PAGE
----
Homily: Sandhurst Schools Education Board, 2013

Mass and Dinner
13th November.

Wisdom, we are told, is easily found by those who seek it. Truly an appropriate reminder, as we gather to celebrate a year of wise leadership of our schools in the Sandhurst Diocese. Whilst gratefully acknowledging the quality and commitment of our educators,  together we share the role to  encourage all those involved in education in the Diocese to ensure that our schools are truly Catholic in their identity and life.  As we continue to work towards this goal, our aim should be that  our schools  become centres of the new evangelisation and so enable our students to achieve high levels of religious literacy and practice.

We all know that this task of education is never easy.  The psalm we have just read emphasises the need to act justly for all, especially the poor and needy. The noble goals of scholarship and education can become especially powerful instruments of hope to those caught in personal struggles, moral confusion and fragmentation of knowledge. The history of this nation includes many examples of the Church’s commitment in this regard. The Catholic community here in the Diocese of Sandhurst has in fact made education one of its highest priorities. This undertaking has not come without great sacrifice over the years by many priests, religious and laity. We owe a debt of gratitude to those whose deep faith has paved the way before our time for Catholic Education.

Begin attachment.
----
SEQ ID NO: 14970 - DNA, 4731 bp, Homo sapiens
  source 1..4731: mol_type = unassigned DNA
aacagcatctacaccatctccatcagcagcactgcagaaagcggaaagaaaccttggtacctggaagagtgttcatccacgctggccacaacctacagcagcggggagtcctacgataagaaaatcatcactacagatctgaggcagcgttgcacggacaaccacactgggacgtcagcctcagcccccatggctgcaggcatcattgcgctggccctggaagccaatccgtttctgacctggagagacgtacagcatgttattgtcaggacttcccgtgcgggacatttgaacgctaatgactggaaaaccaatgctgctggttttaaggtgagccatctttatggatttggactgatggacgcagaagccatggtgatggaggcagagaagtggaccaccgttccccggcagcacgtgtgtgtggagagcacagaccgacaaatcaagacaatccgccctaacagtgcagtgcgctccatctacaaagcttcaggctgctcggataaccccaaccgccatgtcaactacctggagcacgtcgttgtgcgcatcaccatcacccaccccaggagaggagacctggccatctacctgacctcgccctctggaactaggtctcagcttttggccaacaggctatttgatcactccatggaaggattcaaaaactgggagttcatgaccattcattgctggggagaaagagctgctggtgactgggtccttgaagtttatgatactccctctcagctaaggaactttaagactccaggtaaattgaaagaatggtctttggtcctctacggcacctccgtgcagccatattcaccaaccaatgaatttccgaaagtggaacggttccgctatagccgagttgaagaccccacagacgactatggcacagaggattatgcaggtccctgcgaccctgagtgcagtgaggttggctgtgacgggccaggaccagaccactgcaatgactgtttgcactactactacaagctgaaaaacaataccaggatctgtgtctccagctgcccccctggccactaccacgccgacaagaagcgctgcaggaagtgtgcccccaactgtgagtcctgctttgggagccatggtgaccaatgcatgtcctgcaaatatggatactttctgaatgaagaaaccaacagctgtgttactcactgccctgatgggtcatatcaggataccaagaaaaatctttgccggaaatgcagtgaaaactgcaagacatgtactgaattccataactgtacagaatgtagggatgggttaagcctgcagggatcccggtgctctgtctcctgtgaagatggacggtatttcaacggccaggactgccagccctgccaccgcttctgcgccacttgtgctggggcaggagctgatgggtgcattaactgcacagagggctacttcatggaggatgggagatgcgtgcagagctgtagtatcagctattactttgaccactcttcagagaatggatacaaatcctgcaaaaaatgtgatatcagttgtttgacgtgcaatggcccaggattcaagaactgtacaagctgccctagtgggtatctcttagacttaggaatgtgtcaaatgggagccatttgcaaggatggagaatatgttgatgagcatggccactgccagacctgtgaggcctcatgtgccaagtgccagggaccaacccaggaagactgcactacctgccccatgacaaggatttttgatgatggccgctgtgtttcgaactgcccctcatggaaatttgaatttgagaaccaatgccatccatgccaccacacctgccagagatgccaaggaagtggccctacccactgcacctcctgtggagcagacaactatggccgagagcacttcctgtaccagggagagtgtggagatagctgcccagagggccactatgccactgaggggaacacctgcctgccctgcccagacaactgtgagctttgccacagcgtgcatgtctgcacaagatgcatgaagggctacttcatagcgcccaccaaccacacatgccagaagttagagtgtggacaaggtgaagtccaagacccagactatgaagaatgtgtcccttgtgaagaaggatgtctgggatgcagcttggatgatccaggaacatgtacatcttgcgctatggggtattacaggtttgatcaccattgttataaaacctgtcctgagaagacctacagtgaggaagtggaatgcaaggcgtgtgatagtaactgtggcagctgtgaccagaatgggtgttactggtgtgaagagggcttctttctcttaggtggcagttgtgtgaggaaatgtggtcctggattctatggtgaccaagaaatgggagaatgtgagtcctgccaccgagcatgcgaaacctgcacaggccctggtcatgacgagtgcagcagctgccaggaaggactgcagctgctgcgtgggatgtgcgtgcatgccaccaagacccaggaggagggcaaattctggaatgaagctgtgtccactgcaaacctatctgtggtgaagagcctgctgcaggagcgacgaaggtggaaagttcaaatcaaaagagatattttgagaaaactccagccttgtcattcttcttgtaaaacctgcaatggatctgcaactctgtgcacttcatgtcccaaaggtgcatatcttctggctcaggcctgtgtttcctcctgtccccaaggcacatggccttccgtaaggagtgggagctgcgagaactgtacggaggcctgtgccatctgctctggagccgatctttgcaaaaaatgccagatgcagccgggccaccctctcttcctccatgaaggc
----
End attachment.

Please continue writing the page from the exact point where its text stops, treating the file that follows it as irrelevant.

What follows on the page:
Consider these ungrateful nine lepers written about in St Luke’s Gospel. They were a type of the Jews, who, through their pride and ingratitude, lost the kingdom of heaven.  However, the one who came back giving thanks was a Samaritan, who, like a faithful keeper of entrusted goods, preserved the kingdom by his humility and thankfulness.  I guess there is a lesson there, that we are called to be faithful keepers of Catholic education and thus we should beware of any pride and ingratitude that might surface from time to time in our workplace, and be ever mindful of the need to foster and model the virtues of humility and gratitude.

Society in general has high expectations of Catholic educators. Dear friends, as CEO and school board members, this places upon us a responsibility and offers an opportunity. More and more people – parents in particular – recognize the need for excellence in the human and religious formation of their children. If we pray for wisdom and grace to carry out our responsibilities, we can depend upon the sufficient grace of Christ to meet our needs, so do not be daunted by the tasks ahead.

May I express a particular word of encouragement to strive to ensure that you and those with whom you work, redouble your efforts in your wise leadership of education and  become daily more appreciative and indeed deeply grateful for the gift of faith.

 

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